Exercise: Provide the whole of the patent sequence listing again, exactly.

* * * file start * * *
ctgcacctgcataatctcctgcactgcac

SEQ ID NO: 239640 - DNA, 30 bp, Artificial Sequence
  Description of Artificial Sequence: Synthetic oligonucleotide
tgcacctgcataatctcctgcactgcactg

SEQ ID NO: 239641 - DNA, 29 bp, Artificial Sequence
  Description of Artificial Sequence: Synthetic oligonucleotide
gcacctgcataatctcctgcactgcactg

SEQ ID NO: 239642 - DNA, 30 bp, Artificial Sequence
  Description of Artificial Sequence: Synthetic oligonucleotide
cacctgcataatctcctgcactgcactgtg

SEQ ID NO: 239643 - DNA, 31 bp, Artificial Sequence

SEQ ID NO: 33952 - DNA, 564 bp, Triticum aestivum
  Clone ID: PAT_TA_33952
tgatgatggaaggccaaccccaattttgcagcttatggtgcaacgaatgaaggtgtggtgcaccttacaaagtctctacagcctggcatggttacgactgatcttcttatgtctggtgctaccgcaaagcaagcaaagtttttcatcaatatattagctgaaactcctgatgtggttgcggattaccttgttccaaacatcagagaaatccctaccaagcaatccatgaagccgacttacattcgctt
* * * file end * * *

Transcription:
ctgcacctgcataatctcctgcactgcac

SEQ ID NO: 239640 - DNA, 30 bp, Artificial Sequence
  Description of Artificial Sequence: Synthetic oligonucleotide
tgcacctgcataatctcctgcactgcactg

SEQ ID NO: 239641 - DNA, 29 bp, Artificial Sequence
  Description of Artificial Sequence: Synthetic oligonucleotide
gcacctgcataatctcctgcactgcactg

SEQ ID NO: 239642 - DNA, 30 bp, Artificial Sequence
  Description of Artificial Sequence: Synthetic oligonucleotide
cacctgcataatctcctgcactgcactgtg

SEQ ID NO: 239643 - DNA, 31 bp, Artificial Sequence

SEQ ID NO: 33952 - DNA, 564 bp, Triticum aestivum
  Clone ID: PAT_TA_33952
tgatgatggaaggccaaccccaattttgcagcttatggtgcaacgaatgaaggtgtggtgcaccttacaaagtctctacagcctggcatggttacgactgatcttcttatgtctggtgctaccgcaaagcaagcaaagtttttcatcaatatattagctgaaactcctgatgtggttgcggattaccttgttccaaacatcagagaaatccctaccaagcaatccatgaagccgacttacattcgctt